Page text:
Is Your Wallet Ready?
|By Nilus Mattive|
We’ve covered the collapse of the centralized platform FTX. And we’ll continue bringing you updates of how far the contagion has spread.
And we’ve pointed out a few times the one lesson to learn from this — and the previous centralized finance collapses this year — is that self-custody is the best way to keep your crypto safe.
Remember, not your keys, not your crypto.
Having a crypto wallet that only you control is vital when trading and investing in crypto. But choosing which wallet can be confusing.
There are two main types of wallets that I’ll break down for you today …
Type 1: Hot Wallet
The term hot wallet applies to a crypto storage solution that remains connected to the internet.
Hot wallets may also be referred to as software wallets or soft wallets.
The basic idea is that your private keys are residing inside of an encrypted computer program running in one of three ways:
- On a cloud-based program you access remotely, known as an online wallet.
- On a physical computer you own, called a desktop wallet.
- Or through an app running on a device like a smartphone, typically called a mobile wallet.
Online wallets may be the most convenient option as you can access them the same way you access an online bank account — by logging in from any device of your choosing.
However, they’re not as secure as desktop or mobile wallets. So, if safety is a primary concern, then you’re better off sticking to digital wallets that reside on your computer or mobile device.
There are many advantages to these types of hot wallets. For starters, most are free to download. They’re available for PCs and laptops, as well as Android and Apple phones. Plus, they’re easy to install and use.
But again, they aren’t 100% secure because they’re still connected to the internet. More important, they’re only as safe as the device they live on.
So, if you use a hot wallet, be sure to use strong passwords or passphrases on your device …
Protect your computer or smartphone from viruses and malware ...
Guard it against theft …
And remember to back up your system regularly.
Well-known choices in this category include Trust Wallet and Exodus. But the one we recommend for tokens based on Ethereum (ETH, Tech/Adoption Grade “B”) is MetaMask.
MetaMask has a useful online guide for how to set up your own wallet using various browsers or for mobile that you may find helpful if you’re looking to get started.
The obvious drawback to hot wallets — no matter how secure they are — is they’re still connected to the internet. Theoretically, that simple fact makes them vulnerable to hacks and theft.
Therefore, the only way to be 100% sure your crypto is completely secure is by using cold storage. Which brings us to ...
Type 2: Cold Wallet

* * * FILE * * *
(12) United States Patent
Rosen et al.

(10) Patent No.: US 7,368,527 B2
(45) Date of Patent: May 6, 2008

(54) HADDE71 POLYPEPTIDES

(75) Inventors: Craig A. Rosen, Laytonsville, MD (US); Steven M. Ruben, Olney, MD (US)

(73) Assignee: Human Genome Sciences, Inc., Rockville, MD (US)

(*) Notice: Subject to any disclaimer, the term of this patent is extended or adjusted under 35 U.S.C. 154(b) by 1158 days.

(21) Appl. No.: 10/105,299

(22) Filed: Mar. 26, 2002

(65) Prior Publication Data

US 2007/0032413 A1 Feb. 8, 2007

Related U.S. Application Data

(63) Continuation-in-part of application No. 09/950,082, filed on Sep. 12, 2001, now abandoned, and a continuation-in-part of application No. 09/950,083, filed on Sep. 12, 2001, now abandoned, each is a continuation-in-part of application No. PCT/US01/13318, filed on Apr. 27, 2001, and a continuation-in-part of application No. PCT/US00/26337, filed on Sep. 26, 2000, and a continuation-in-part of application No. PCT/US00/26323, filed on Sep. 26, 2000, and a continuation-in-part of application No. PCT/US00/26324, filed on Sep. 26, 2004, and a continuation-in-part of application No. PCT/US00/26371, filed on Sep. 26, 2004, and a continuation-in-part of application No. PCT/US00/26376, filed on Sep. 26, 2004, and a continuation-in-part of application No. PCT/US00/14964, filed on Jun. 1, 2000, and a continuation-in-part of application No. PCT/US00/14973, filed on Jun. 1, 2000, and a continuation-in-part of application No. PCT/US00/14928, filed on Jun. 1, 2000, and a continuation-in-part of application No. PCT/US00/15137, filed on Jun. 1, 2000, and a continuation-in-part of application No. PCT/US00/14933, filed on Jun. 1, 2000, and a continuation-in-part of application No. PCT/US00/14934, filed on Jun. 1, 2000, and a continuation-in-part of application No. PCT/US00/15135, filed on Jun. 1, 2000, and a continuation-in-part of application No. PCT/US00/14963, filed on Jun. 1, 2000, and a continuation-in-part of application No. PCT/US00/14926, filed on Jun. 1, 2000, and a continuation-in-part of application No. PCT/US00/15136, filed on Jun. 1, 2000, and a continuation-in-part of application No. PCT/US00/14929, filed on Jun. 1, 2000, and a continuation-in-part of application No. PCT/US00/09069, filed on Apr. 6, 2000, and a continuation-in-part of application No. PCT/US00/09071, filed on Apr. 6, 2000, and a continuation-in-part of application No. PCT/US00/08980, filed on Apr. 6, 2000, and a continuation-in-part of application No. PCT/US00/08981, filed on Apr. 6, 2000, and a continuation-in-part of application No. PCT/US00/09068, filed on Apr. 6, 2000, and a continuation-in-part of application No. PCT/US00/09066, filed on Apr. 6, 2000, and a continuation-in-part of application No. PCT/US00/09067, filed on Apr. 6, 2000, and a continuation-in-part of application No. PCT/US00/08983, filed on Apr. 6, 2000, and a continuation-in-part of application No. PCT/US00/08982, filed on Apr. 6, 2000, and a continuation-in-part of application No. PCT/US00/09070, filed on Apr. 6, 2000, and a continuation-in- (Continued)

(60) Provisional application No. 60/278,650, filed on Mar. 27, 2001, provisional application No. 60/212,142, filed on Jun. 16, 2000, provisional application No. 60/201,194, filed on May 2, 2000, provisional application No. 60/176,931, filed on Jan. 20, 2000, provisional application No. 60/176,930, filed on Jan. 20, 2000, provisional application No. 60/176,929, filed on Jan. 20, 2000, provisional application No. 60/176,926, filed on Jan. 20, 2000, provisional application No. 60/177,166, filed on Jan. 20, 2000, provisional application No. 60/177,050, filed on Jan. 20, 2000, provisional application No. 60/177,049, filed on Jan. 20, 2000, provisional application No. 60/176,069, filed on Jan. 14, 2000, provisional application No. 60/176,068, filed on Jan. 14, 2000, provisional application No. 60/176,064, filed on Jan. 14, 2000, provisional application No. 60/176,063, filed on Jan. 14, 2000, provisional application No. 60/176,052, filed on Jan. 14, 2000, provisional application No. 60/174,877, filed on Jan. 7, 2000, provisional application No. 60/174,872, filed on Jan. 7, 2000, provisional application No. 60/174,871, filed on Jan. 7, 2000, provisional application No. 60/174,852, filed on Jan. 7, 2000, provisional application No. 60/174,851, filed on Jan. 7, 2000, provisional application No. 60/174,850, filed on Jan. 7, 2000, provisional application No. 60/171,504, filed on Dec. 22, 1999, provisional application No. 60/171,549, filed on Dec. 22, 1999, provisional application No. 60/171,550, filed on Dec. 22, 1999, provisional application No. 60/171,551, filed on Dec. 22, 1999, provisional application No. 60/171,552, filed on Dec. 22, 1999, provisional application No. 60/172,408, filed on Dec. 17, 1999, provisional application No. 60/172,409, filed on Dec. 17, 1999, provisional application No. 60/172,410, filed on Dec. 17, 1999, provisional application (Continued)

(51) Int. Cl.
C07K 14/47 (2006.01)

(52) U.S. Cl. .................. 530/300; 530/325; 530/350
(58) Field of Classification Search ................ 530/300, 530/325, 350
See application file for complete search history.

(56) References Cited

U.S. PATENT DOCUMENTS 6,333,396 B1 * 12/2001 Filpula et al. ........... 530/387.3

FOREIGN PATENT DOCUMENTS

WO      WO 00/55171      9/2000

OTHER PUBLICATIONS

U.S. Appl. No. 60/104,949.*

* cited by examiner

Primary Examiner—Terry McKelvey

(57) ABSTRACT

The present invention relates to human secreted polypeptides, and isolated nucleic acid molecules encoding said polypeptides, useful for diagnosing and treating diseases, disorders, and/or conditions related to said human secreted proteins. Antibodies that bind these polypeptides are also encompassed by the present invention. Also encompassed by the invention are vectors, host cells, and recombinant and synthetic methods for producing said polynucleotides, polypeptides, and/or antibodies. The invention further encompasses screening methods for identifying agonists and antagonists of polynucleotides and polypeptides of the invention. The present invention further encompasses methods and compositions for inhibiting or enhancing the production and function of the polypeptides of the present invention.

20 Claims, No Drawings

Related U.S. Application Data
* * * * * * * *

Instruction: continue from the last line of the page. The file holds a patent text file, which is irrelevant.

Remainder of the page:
Cold wallets — which are also known as hardware, or hard, wallets — are physical devices that can be used to store your crypto keys offline. They typically look like small USB drives.
In our opinion, hardware wallets are the safest way to store your crypto.
The drawbacks? They’re slightly less convenient to use than software wallets, and they may cost anywhere from $50 to $300. But that’s a small price to pay for extra secure protection over your crypto.
Our current favorite cold wallet comes from Ledger, which was founded in 2014. The company is a leader in security and infrastructure solutions for cryptocurrencies and blockchain applications and currently has over 5 million customers worldwide.
As one of the most popular — and trusted — hardware wallets in the world, Ledger hardware wallets are designed to keep your crypto safe. They also have amazing storage capacity and allow you to secure, store and manage more than 5,500 crypto assets at once.
The company currently offers the Ledger Nano S Plus, which is available for less than $100. However, if you’re willing to spend a little more, we prefer the Ledger Nano X.
The Nano X is Ledger’s most advanced, on-the-go hardware wallet. It’s Bluetooth-compatible with Ledger Live Mobile and has a longer battery life.
It’s also easily accessible and can be purchased from Ledger, Amazon or Best Buy. It currently retails for roughly $150. If you decide to buy one, you’ll also need a smartphone or computer to get the most out of it.
Ledger also has an online guide to help you set up your cold wallet. It’s a bit more involved than a hot wallet, but you’ll only need to do it once. Then, your assets can be safely stored offline.
To us, a cold wallet like this is simply the most sensible for any assets you intend to hold for the long term.
Which Should You Use?
Ultimately, that depends on you, and how you intend to use your crypto.
In our view,hot wallets are the best short-term option if you’re frequently trading cryptos or using your crypto to make purchases. Meanwhile, cold wallets are simply the most prudent option for any assets you intend to hold long term.
Most seasoned traders and investors use a combination of wallets based on their needs.
Either way, they definitely DON’T rely on a CEX keeping custody of their assets.
One last note for today: When setting up both hot and cold wallets, you’ll receive a seed phrase. This allows you to reclaim your keys in case you lose your device or forget your password.
Never give out your seed phrase to anyone or save it on your computer, leaving it vulnerable to hacking.
Once someone has your seed phrase, they have everything they need to access your wallet and steal your crypto. So take steps to keep it safe.
Until next time,